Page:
Moderator
Matthew Reilly
 
HESS

 

Speaker
Hamed Darabi
 
QRI

Over the last decades conventional decline curve analysis has been a common method to forecast hydrocarbon well production. However, this technique is often faced with inefficiencies in reliably predicting hydrocarbon production. This is partially due to its inability to predict multiple phases in a single model, and to incorporate operational changes and subsurface fluid flow mechanisms.

In this paper, we propose a deep learning framework that addresses the limitations of traditional parametric DCA. This was achieved by using an Encoder-Decoder Long Short-Term Memory Networks architecture. The model combines three types of inputs consisting of time-variant information (i.e., historical production), static well features (e.g., geology and spacing parameters), or known-in-advance control variables (e.g., artificial lift type as a function of time), and the output is a multi-step forecasts for oil, gas, and water rates. We applied the model to a dataset of 213 gas wells from the Eagle Ford Basin, with the goal of predicting the gas and water rates. Production history ranges from 11 to 52 timesteps (mean 31) and is supplemented with 18 static features comprising geology, spacing, and operational attributes.

Our proposed framework demonstrated the ability to; 1) forecast future production with limited historical production, 2) predict production behavior under different control regimes and quantify the impact of future planned activities, 3) forecast multiple phases (oil, gas, and water) simultaneously with the same model (i.e., multi-target prediction).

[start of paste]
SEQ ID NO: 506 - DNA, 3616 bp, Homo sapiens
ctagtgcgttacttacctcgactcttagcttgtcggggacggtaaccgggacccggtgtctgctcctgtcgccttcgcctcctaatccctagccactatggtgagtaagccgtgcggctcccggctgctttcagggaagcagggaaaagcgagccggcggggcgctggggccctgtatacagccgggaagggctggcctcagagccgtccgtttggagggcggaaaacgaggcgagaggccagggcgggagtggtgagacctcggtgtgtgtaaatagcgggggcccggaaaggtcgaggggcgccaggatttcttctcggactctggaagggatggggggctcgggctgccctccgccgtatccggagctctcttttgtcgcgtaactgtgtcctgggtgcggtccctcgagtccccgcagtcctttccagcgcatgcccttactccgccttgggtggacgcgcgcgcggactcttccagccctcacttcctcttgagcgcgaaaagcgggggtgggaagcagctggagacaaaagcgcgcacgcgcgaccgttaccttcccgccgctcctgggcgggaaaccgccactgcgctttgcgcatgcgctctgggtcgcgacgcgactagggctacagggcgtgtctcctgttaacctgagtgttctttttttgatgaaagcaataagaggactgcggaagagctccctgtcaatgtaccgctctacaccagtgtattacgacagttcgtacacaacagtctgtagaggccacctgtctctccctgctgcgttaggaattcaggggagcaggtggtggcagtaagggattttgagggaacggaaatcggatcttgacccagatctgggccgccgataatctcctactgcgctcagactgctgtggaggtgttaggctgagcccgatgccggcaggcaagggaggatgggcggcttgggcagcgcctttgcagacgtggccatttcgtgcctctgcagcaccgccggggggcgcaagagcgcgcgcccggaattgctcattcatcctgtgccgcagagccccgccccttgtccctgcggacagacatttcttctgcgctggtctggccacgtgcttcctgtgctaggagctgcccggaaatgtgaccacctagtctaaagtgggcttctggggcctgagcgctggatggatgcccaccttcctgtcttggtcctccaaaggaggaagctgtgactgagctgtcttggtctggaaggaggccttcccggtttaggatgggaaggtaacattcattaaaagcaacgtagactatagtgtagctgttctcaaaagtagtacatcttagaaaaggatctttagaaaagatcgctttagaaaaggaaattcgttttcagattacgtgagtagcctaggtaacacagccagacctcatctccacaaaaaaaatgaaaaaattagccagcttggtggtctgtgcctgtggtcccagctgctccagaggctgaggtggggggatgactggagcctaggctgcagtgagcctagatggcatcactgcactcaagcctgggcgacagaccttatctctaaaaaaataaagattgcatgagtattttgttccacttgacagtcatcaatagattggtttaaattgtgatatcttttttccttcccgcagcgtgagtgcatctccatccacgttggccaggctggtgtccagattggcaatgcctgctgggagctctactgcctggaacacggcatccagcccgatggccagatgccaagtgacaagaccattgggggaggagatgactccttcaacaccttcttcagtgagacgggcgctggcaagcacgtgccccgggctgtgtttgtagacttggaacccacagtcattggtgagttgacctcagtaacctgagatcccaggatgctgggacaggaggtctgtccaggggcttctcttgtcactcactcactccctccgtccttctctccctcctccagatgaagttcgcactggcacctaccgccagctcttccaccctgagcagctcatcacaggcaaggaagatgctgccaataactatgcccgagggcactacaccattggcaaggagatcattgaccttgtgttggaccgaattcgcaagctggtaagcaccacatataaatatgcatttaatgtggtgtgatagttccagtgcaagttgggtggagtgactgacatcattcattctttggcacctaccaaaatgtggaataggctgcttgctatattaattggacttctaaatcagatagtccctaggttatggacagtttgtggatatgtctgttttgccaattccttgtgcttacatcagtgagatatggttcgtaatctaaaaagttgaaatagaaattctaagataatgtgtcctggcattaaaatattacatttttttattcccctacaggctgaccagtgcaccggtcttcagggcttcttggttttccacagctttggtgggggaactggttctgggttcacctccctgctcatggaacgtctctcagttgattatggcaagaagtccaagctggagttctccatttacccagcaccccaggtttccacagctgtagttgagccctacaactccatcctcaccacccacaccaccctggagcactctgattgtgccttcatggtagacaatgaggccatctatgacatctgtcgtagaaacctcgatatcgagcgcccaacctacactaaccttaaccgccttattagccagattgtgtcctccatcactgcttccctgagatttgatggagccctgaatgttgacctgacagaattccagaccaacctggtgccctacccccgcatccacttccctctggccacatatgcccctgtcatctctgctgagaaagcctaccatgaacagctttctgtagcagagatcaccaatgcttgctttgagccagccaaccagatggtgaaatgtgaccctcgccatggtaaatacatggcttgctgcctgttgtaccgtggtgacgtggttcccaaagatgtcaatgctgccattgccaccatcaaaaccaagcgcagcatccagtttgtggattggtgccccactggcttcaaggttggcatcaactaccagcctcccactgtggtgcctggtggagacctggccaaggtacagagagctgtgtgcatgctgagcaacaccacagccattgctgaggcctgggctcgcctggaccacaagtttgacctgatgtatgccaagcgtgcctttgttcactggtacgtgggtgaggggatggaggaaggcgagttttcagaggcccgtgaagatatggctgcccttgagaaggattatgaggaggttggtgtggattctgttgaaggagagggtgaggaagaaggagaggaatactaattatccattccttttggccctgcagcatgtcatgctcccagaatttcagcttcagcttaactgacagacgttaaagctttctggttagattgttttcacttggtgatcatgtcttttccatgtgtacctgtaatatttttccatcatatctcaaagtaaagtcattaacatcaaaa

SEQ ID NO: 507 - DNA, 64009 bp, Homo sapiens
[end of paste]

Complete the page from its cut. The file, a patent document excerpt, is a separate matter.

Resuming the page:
Speaker
Danzhu Zheng
 
Southwest Petroleum University / Southwest Oil & Gas Field Company

We propose an intelligent technique in this study for predicting the productivity of shale gas horizontal wells. This intelligent technique is a combination of the artificial neural network (ANN) and particle swarm optimization (PSO). The ANN was used for non-linear relationships modelling and PSO was used for the ANN architecturetuning. Inputs of the ANN were selected to be eight geological parameters (vertical depth, pressure coefficient, porosity, TOC, total gas content, Young's modulus, Poisson's ratio, and the brittleness index) and seven engineering parameters (clusters number, displacement, flow back rate and the proportion of slick water, the proportion of quartz sand, the liquid consuming intensity and the proppant injection intensity) obtained from 317 shale gas horizontal wells of Sichuan Basin. The results showed that PSO was efficient for the ANN architecturetuning. Also, comparison of the predicted test production with actual production showed that predictive performance of the optimum ANN model was reliable (R2=0.847 on the testing set and R2=0.876 on the training set). The relative variable importance was investigated using the partial dependence plots, study indicated that liquid consuming intensity, the proportion of quartz sand, the brittleness index and the clusters number were the most four important variables for the test production prediction. This study indicates that the ANN-PSO based method is capable of providing explicit and precise forecasting of test production of shale gas horizontal wells, which can serve as a reliable tool for quick, and effective assessment of test production.